KFC really does have a secret recipe - want to know what's in
it? Freshly sizzling Amazon Rainforest. That's what goes into the
soy that KFC's famous chickens are fed .
KFC is serving up Amazon destruction by the bucket, and selling
it in hundreds of restaurants throughout Europe. Today, KFC's Board
will meet to review the profits the company has made off of its
forest destruction, and our activists in Brazil have a message for
them: The Colonel is a partner in Amazon crime.
But KFC is not alone. The fast food giant can trace its soy to a
single American company: Cargill.
Cargill owns an illegal export terminal in Santarém, Brazil,
that is supplied by farms operating on illegally cleared rainforest
land. Almost all of the soy passing through this terminal is
destined for Europe.
Greenpeace has uncovered the chain of soy production from its
roots in the Amazon to the Cargill terminals and onto corporate
giants like KFC and McDonald's. We recently released a report, Eating up the Amazon, following
more than two years of investigation.
What’s at Stake?
The Amazon Rainforest is the largest expanse of tropical
rainforest in the world, but it is disappearing at an alarming rate
- since the 1970s, an area of rainforest the size of California has
been lost. Few people today realize that the greatest threat facing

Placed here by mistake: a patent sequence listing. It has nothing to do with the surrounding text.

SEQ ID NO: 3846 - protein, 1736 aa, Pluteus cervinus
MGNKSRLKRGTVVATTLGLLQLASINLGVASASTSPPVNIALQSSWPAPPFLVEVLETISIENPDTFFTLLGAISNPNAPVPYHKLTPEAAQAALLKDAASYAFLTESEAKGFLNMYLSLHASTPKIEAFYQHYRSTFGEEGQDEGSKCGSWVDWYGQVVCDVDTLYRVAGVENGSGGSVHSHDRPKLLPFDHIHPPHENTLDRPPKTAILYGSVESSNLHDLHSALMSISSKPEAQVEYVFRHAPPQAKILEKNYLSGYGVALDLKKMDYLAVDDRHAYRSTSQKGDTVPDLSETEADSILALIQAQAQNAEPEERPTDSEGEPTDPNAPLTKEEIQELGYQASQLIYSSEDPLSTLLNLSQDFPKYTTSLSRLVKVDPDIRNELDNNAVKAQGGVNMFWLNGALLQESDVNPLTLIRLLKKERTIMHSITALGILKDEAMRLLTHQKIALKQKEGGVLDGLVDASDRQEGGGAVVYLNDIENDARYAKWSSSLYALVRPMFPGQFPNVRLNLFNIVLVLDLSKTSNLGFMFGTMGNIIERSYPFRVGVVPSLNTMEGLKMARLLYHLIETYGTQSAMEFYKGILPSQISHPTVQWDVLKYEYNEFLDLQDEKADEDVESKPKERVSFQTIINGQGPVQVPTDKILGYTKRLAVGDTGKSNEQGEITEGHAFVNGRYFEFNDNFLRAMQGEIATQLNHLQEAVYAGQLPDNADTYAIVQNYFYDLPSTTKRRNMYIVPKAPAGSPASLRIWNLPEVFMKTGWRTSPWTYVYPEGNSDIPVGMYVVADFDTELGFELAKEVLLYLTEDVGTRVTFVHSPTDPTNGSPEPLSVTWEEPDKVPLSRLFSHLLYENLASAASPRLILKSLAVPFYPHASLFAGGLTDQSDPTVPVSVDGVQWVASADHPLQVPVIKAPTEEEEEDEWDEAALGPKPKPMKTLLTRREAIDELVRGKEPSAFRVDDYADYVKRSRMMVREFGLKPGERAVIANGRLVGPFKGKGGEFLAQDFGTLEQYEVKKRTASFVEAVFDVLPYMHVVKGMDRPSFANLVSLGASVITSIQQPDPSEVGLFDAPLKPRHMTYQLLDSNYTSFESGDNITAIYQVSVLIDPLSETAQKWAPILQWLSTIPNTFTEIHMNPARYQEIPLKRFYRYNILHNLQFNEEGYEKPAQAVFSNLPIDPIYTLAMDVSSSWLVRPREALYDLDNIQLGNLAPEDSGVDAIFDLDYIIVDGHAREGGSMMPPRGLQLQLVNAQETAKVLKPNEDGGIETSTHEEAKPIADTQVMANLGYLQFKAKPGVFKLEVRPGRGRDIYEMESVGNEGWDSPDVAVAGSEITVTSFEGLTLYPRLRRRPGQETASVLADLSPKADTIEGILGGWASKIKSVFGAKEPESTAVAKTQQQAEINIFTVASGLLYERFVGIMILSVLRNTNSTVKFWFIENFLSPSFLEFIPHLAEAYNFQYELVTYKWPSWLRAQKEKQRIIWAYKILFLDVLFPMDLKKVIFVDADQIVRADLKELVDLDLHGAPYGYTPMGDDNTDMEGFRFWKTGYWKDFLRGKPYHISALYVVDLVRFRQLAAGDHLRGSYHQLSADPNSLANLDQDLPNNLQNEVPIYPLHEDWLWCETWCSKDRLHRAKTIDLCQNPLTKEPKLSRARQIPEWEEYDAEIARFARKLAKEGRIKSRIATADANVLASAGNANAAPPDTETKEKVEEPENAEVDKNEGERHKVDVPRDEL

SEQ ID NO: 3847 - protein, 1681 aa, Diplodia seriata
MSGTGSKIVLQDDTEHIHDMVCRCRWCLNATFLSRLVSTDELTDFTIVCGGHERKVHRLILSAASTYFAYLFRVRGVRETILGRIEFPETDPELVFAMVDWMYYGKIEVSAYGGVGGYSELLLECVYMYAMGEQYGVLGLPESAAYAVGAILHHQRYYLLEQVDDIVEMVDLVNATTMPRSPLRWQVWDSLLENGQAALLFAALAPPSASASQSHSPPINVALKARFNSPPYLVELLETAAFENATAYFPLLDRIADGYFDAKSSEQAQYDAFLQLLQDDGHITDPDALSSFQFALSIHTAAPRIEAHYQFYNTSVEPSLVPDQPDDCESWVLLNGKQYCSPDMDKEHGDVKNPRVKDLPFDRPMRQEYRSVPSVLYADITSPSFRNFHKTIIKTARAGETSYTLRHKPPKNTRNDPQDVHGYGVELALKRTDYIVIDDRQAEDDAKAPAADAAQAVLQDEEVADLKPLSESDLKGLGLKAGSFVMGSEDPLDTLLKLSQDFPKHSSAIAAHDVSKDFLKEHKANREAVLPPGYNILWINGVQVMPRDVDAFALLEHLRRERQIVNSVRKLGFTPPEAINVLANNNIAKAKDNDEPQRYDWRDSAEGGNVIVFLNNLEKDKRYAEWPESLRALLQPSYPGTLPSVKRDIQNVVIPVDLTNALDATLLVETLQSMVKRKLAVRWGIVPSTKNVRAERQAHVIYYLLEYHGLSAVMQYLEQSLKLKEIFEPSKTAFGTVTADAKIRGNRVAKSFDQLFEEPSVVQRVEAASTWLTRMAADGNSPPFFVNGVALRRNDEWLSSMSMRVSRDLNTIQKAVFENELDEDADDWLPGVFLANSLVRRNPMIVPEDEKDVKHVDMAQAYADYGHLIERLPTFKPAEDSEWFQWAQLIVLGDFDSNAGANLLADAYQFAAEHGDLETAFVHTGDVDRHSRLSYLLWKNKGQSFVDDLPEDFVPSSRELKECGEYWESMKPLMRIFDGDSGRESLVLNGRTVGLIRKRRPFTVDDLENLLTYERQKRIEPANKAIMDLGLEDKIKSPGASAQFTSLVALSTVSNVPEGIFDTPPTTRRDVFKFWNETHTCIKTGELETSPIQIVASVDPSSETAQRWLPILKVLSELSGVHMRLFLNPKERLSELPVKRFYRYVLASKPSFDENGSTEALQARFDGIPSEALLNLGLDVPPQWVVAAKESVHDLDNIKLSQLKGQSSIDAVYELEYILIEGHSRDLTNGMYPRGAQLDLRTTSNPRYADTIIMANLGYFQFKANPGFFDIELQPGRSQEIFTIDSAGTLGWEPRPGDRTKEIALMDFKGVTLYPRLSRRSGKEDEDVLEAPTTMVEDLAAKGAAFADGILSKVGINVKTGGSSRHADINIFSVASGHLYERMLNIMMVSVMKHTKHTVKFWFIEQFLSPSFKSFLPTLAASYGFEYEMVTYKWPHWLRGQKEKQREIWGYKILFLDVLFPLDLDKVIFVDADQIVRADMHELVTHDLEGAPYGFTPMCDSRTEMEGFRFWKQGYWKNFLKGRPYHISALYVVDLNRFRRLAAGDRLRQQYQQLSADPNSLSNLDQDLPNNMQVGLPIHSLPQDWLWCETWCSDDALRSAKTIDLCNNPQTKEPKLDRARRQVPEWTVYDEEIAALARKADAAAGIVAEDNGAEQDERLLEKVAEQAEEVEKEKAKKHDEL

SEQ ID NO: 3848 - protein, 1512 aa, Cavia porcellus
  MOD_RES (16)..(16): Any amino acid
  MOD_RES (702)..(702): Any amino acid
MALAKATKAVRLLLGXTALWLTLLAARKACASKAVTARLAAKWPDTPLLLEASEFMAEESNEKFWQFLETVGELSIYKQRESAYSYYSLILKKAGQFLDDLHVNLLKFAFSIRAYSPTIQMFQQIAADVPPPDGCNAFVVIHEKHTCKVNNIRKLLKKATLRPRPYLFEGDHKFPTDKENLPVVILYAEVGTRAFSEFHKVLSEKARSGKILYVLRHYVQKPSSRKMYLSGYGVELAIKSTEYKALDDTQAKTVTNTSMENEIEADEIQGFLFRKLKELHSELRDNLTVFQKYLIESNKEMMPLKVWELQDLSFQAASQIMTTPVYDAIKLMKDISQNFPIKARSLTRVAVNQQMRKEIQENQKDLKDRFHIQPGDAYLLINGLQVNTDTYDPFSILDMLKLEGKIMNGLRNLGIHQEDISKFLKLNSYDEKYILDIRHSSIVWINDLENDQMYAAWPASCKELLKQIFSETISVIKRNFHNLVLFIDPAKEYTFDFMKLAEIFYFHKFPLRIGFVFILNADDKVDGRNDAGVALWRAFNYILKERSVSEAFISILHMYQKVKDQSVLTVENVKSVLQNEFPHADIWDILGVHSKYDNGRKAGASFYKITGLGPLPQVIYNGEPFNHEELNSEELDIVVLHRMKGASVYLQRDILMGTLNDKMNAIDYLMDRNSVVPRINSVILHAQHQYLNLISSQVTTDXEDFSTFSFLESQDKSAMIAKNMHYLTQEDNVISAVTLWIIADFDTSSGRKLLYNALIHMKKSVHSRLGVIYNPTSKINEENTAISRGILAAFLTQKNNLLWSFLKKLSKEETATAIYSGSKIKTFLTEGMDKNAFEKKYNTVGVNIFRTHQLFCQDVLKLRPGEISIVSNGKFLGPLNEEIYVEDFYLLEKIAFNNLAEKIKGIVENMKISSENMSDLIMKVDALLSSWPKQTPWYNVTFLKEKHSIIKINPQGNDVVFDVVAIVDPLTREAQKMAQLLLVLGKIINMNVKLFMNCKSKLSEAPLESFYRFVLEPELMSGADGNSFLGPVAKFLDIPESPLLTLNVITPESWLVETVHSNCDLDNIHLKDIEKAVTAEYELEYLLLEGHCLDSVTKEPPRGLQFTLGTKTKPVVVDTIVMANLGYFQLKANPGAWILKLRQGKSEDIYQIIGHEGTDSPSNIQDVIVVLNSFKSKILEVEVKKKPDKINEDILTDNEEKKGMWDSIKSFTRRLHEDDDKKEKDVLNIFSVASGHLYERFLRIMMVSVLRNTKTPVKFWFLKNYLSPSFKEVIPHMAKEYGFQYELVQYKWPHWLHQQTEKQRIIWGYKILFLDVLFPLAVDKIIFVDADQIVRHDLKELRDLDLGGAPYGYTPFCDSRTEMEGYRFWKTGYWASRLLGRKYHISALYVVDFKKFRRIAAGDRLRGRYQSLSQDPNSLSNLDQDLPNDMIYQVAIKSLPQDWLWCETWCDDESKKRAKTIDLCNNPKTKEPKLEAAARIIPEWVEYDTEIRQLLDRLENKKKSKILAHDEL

the Amazon is the production of soy.
Soy traders encourage farmers to cut down the rainforest and
plant massive soy monocultures. The traders take the soy and ship
it to Europe where it is fed to animals like chickens and pigs. The
animals are then turned into fast food products.
Three major companies - Cargill, ADM, and Bunge - account for 60
percent of the total financing of soy production in Brazil. By
building soy silos and terminals at the rainforest edge and buying
soy from illegally-cleared and operated farms - including farms
with a documented record of slave labor - these companies are both
spurring and profiting from the soy plunder of the Amazon.
The Amazon rainforest is not only one of the richest and most
biologically diverse regions on the planet, it is also one of the
most threatened. In order to protect this ancient treasure, this
unsustainable development needs to stop immediately. We're calling
on companies to ensure that their soy comes from legal sources
outside the Amazon rainforest, farmed without slave labor and free
of genetic engineering.